If You Loved Taylor Swift's Folklore, Check Out These 10 Albums Next

Just 11 months after the release of her angelic Lover, Taylor Swift dropped Folklore, a fresh collection of songs full of enchanting melodies, captivating lyrics, and plenty of easter eggs. The superstar's newest project leans closer to alternative music than anything she's done before, and for many of her fans, this may be their fist step into the world of soft, indie music too. While a masterpiece in its own right, Swift is hardly the first to do this genre well.

If you're looking to dive deeper into this style, I've rounded up a collection of other great artists and albums I think you'll love just as much. Take a listen, and let's all curl up in atmospheric, acoustic whimsy together.

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Placeholder by Hand Habits

The stylized all lowercase track names and black and white album covers are not the only two similarities between Hand Habits' Placeholder and Swift's Folklore. Both albums feel delicate and suspended somewhere between instinct and deep deliberation. Standout numbers include the title track "Placeholder" and the emotional "Jessica."

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Are We There by Sharon Van Etten

This critically acclaimed 2014 album by Sharon Van Etten is another example of a body of work that feels like so much more together than any one song on its own. Van Etten created a stylistically similar record to Folklore full of emotional lyrics, resonant soundscapes, and calming melodies. Pitchfork even included Are We There in their list of the 200 Best Albums of the 2010s.

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Punisher by Phoebe Bridgers

Punisher is Bridgers's second album, released only a little over a month before Folklore. Notable tracks include "Kyoto" and "I See You," the two singles from the project. However, "Graceland Too" has a particularly soothing narrative and haunting quality fans of Swift will love.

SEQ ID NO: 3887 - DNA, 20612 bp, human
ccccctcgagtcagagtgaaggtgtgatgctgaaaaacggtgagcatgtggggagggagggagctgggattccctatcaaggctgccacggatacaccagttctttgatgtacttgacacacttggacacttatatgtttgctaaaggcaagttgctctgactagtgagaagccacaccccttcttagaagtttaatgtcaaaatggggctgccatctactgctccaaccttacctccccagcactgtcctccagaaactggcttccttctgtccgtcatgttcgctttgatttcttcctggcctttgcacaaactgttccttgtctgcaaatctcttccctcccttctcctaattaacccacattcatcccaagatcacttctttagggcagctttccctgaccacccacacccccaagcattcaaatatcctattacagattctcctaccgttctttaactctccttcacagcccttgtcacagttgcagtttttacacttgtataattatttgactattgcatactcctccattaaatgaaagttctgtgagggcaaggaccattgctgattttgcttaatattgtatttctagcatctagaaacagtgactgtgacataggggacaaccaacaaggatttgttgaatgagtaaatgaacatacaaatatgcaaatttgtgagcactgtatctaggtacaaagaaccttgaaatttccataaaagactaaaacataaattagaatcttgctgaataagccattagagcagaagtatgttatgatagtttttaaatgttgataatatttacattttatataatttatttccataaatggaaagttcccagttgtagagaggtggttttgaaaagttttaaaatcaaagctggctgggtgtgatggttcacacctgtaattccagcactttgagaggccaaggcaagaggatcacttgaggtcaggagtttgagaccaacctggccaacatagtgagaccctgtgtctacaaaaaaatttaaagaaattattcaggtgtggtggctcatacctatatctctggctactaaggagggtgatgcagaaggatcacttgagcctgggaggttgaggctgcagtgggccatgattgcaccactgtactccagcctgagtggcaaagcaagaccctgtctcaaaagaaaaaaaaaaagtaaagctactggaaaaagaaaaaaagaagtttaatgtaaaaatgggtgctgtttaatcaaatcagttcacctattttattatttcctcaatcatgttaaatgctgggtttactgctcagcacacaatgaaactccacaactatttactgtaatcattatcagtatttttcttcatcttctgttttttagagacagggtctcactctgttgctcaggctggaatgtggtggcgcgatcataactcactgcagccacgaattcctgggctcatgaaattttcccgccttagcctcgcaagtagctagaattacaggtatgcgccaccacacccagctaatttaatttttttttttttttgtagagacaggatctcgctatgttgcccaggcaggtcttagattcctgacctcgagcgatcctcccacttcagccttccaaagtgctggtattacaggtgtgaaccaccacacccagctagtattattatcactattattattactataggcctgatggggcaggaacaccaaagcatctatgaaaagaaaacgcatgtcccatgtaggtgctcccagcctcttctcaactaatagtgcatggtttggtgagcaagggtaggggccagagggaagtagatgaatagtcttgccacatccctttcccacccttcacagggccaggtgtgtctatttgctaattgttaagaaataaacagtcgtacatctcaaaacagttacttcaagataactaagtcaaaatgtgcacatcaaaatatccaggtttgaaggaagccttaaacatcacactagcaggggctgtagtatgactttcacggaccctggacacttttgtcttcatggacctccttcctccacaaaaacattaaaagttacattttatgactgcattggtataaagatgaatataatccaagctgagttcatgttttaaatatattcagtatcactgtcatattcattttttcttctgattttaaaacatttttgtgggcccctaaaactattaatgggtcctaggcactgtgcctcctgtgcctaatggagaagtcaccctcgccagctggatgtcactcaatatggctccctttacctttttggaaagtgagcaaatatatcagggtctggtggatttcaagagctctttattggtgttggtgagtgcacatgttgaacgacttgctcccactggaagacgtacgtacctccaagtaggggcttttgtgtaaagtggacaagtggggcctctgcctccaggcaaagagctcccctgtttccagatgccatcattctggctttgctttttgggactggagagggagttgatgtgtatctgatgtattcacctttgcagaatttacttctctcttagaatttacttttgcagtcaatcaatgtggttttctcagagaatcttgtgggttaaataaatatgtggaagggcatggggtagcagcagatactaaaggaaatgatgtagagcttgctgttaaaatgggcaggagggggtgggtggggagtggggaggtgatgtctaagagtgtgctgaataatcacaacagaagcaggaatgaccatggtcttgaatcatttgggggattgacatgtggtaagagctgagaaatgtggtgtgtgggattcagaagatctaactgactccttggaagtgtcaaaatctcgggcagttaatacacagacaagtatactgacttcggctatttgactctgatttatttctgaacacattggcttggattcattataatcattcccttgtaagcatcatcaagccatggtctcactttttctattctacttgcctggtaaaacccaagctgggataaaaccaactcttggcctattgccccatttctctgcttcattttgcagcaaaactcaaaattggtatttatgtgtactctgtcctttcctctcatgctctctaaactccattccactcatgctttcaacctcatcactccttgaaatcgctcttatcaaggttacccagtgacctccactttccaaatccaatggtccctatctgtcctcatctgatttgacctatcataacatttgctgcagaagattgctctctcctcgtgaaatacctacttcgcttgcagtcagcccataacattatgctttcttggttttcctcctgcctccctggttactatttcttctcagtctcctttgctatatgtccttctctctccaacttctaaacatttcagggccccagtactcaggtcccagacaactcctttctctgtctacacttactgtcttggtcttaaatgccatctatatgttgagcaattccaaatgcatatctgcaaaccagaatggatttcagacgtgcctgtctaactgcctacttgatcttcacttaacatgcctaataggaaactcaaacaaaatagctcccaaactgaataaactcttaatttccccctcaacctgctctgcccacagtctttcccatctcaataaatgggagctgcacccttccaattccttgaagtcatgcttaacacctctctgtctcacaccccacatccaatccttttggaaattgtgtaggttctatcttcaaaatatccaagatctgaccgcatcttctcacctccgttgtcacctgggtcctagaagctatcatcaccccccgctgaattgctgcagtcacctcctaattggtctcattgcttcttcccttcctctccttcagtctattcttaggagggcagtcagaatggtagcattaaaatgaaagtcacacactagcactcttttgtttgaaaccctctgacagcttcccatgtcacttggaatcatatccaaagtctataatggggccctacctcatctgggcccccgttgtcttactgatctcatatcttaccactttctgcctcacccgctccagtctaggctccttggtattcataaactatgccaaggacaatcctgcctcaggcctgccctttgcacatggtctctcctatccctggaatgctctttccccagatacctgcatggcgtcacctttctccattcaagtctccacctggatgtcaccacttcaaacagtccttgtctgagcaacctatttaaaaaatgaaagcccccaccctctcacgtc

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Bad Habit by Your Smith

While technically not an album, this EP by Your Smith needs to be added to your Spotify queue ASAP. The title track, "Bad Habit" has an ethereal quality similar to Folklore favorites such as "My Tears Ricochet" and "Mad Woman." Layered vocals that seem to unfold over the listener are another similarity between the two projects. While other tracks on Bad Habit are a little more energetic, they're sung with a soft touch and lyrical mastery Swift fans will connect with.

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The Nashville Sound by Jason Isbell and the 400 Unit

While less alternative leaning than others on this list, The Nashville Sound is a perfect combination of country, folk, and indie influences that plays beautifully from top to bottom. Released in 2017, the album includes familiar themes such as love ("If We Were Vampires"), identity ("Last of My Kind"), and heartbreak ("Chaos and Clothes") that are prominent in Swift's records as well.

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Bird Songs of a Killjoy by Bedouine

Bird Song of a Killjoy by Bedouine is the type of album that makes me want to cover myself in blankets and sit in complete solitude while I soak up every story and sound. In other words, perfect for quarantine. "One More Time" and "Sunshine Sometimes" are a few personal favorites.

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MassEducation by St. Vincent

The all piano version of St. Vincent's MassEducation, this calming, but lyrically complex, album will leave you feeling the same type of introspection that Folklore does. Many of the songs on the MassEducation were written with Jack Antonoff, who cowrote and produced quite a few tracks on Swift's album as well. Fans may also recognize the product of a three-way collaboration between Swift, Antonoff, and St. Vincent as fan-favorite "Cruel Summer" off of Swift's Lover.

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Clean by Soccer Mommy

The triumphant debut record Clean by Nashville native Soccer Mommy (Sophie Allison) is packed full with elements bound to draw Swift fans in. Allison reclaims vulnerability and infatuation to create sometimes blunt, always empowering numbers. If the soft guitar strums and smooth vocals don't do it for you, the relatability of her plainspoken lyrics will seal the deal.

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For Emma, Forever Ago by Bon Iver

It would be hard to not include Bon Iver (Justin Vernon) on this list, especially after he's featured on "Exile" off of Folklore. I thought it would be appropriate to bring back this work of art from 2008 packed with raw emotion and falsetto vocals. Coincidentally enough, like Folklore, For Emma, Forever Ago was also recorded in isolation.

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Crushing by Julia Jacklin

Last but certainly not least comes Crushing by Sydney native Julia Jacklin. Like Swift, Jacklin crafts dreamy, graceful music influenced by pop, folk, and country roots. Swift fans will love the emotionally driven, allegorical tracks such as "When the Family Flies In" and "Convention."